Who Do You Love

Who Do You Love by Jennifer Weiner

Rachel Blum and Andy Landis are just eight years old when they meet late one night in an ER waiting room. Born with a congenital heart defect, Rachel is a veteran of hospitals, and she's intrigued by the boy who shows up all alone with a broken arm. He tells her his name. She tells him a story. After Andy's taken back to a doctor and Rachel's sent back to her bed, they think they'll never see each other again. 

Rachel grows up wanting for nothing in a fancy Florida suburb, the popular and protected daughter of two doting parents. Andy grows up poor in Philadelphia with a single mom and a rare talent that will let him become one of the best runners of his generation. Over the next three decades, their paths cross in magical and ordinary ways. 

They make grand plans and dream big dreams as they grow together and apart in starts and stops. Through it all, Andy and Rachel never stop thinking about that night in the hospital waiting room all of those years ago, a chance encounter that changed the course of both of their lives. 

In this captivating, often witty tale about the bonds between women and men, love and fate, and the truth about happy endings, Jennifer Weiner delivers two of her most memorable characters and a love story you'll never forget.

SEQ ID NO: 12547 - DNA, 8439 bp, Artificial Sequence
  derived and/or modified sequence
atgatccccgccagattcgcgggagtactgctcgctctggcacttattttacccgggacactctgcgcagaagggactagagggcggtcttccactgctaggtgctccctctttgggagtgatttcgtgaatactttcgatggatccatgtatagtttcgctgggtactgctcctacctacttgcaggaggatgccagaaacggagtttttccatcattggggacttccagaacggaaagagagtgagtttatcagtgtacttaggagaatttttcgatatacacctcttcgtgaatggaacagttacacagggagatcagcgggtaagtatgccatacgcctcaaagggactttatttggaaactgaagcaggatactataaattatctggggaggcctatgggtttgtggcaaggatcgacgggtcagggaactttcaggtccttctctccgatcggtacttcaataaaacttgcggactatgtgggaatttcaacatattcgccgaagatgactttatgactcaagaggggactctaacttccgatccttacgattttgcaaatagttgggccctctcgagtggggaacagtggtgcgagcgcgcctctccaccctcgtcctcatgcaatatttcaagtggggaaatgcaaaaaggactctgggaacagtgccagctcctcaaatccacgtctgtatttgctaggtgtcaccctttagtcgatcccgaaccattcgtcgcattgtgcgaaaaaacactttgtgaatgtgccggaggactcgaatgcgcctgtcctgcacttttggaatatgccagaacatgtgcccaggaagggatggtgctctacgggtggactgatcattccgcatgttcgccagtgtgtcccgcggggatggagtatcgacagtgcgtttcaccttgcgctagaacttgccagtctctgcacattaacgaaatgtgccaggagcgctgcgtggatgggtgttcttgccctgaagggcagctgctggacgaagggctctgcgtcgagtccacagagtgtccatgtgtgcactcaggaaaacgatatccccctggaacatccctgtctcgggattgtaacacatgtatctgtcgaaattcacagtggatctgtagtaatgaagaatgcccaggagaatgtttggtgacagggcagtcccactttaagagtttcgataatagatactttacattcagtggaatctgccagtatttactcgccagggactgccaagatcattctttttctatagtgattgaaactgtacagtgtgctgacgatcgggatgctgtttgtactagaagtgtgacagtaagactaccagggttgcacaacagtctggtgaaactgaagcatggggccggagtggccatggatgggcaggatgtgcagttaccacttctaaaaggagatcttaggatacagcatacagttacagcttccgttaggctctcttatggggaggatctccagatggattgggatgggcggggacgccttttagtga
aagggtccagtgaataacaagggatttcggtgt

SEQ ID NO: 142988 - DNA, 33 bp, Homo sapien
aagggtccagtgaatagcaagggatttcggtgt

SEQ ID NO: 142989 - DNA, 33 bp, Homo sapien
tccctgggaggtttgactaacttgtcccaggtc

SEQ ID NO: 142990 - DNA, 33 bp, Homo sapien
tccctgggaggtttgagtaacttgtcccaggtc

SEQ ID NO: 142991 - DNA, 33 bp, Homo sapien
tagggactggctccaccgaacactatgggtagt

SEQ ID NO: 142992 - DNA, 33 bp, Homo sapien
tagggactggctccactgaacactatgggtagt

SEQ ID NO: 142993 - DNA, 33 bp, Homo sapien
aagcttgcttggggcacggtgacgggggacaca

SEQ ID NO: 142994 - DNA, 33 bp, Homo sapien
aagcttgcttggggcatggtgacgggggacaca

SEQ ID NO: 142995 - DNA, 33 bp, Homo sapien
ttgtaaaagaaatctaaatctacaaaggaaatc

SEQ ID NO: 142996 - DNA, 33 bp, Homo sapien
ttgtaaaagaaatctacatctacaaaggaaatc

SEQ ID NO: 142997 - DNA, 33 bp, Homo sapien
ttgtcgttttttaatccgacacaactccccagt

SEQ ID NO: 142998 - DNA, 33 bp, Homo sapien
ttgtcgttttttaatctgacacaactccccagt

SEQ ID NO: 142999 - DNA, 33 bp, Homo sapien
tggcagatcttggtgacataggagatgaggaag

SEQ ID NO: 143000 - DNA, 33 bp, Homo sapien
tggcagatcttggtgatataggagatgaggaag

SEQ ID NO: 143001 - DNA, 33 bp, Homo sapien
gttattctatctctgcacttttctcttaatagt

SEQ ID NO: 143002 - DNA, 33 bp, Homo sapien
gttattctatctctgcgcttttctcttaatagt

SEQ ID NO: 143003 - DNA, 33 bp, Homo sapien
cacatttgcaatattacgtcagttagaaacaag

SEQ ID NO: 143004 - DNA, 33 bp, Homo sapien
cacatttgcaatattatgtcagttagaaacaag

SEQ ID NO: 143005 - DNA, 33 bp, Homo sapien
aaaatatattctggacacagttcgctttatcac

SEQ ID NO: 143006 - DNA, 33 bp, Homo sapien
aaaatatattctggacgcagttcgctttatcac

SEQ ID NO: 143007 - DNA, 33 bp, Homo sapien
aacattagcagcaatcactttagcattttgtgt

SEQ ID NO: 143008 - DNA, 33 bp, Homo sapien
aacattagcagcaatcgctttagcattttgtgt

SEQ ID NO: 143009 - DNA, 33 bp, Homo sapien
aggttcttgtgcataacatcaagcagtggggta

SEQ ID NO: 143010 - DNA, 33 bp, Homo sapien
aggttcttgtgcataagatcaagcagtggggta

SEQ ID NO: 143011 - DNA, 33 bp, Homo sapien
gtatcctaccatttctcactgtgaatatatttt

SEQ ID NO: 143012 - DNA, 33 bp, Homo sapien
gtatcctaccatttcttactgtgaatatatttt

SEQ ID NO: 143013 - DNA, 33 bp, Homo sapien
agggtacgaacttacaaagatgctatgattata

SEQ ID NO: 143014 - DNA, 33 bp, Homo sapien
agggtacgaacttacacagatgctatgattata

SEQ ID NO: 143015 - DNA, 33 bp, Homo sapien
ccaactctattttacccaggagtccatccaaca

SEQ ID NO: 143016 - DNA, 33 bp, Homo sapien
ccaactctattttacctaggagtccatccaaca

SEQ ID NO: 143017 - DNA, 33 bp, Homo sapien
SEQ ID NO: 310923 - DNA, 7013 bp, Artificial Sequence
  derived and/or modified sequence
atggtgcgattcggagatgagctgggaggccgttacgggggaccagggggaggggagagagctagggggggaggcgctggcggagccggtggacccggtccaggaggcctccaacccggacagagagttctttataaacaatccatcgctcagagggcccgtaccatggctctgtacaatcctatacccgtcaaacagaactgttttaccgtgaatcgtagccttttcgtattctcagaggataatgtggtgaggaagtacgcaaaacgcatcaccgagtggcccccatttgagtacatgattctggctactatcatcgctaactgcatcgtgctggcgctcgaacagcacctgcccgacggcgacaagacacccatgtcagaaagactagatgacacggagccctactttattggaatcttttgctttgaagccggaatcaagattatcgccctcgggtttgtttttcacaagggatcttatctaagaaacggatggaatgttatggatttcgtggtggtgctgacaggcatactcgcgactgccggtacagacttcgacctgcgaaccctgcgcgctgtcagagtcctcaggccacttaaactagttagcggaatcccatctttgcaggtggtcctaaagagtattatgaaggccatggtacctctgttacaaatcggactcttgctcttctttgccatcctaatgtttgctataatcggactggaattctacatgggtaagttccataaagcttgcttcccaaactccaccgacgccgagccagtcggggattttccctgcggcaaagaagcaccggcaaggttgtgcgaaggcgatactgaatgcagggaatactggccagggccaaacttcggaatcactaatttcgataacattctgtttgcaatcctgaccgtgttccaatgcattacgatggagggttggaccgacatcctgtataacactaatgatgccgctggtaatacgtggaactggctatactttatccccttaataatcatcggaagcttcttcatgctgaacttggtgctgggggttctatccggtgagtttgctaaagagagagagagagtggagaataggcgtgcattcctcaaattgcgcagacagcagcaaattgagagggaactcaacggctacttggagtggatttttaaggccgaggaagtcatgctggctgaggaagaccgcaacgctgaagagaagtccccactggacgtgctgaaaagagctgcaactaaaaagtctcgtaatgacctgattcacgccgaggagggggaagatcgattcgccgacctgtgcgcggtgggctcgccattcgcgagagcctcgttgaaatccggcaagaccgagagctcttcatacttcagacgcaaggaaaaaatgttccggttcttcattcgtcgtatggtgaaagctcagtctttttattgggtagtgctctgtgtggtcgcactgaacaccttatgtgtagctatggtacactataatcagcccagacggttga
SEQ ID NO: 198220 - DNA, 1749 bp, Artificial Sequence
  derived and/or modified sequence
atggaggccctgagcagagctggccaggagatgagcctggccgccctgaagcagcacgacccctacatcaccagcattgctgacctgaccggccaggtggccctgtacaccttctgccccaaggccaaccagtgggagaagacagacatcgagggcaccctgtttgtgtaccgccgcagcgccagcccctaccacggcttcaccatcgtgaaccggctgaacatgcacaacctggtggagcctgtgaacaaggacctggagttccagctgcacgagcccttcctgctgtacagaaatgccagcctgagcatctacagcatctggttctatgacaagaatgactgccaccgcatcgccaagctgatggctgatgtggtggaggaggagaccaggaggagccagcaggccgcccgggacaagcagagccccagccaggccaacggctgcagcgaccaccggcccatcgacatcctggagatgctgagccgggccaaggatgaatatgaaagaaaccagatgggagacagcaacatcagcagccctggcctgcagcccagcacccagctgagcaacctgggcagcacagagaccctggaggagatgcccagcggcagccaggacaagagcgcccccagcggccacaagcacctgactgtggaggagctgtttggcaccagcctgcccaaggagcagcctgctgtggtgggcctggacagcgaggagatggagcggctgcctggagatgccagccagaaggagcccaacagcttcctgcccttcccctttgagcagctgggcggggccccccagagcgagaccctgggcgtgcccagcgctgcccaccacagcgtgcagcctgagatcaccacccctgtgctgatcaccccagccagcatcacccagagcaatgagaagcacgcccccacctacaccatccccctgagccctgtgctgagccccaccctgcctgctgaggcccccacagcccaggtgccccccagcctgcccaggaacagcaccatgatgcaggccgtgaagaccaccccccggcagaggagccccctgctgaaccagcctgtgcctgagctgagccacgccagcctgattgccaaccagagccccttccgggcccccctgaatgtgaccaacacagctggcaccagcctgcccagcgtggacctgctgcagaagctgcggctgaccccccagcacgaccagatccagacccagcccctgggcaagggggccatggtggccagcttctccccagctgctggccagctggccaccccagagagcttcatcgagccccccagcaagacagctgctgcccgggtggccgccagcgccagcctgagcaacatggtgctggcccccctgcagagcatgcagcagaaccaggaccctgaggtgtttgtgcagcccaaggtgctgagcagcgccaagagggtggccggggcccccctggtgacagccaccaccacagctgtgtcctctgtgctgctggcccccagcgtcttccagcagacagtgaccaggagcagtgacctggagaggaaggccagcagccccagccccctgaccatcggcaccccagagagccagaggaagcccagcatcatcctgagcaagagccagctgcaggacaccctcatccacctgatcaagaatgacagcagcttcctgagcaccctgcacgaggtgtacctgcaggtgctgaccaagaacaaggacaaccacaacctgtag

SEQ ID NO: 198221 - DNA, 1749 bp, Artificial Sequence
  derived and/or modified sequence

This was a very easy read and I really enjoyed it. The story of Rachel and Andy spans 30 years, and all through the book you are teased with will they or won't they get together. The individual storylines of both characters were engaging. This is the first Jennifer Weiner book I have read, and this would make a great movie or telemovie.



Baileys Best of the Best

Half of a Yellow Sun by Nigerian author Chimamanda Ngozi Adichie has been named 'Best of the Best' of the winners in the second decade of the Baileys Women's Prize for Fiction. Chosen by the Chairs of Judges of the past ten years, Muriel Gray, Chair of Judges 2007, said Half of a Yellow Sun is a benchmark for excellence in fiction writing.  

Established in 1996 to celebrate and promote international fiction by women throughout the world to the widest range of readers possible, the Baileys Women's Prize for Fiction is awarded for the best novel of the year written by a woman. Any woman writing in English - whatever her nationality, country of residence, age or subject matter - is eligible.

The winner receives a cheque for £30,000 and a limited edition bronze figurine known as a 'Bessie', created and donated by the artist Grizel Niven. Both are anonymously endowed.

The next Baileys Women's Prize for Fiction will be awarded in June 2016.  Last year's winner was Ali Smith for How To Be Both.  



A House in the Sky

A House in the Sky by Amanda Lindhout and Sara Corbett

As a child, Amanda Lindhout escaped a violent household by paging through issues of National Geographic and imagining herself in its exotic locales. Later in life, in war-ridden Afghanistan and Iraq she carved out a fledgling career as a television reporter. And then, in August 2008, she travelled to Somalia - 'the most dangerous place on earth'. 

On her fourth day, she was abducted by a group of masked men along a dusty road. Held hostage for 460 days, Amanda converts to Islam as a survival tactic, receives 'wife lessons' from one of her captors, and risks a daring escape. Moved between a series of abandoned houses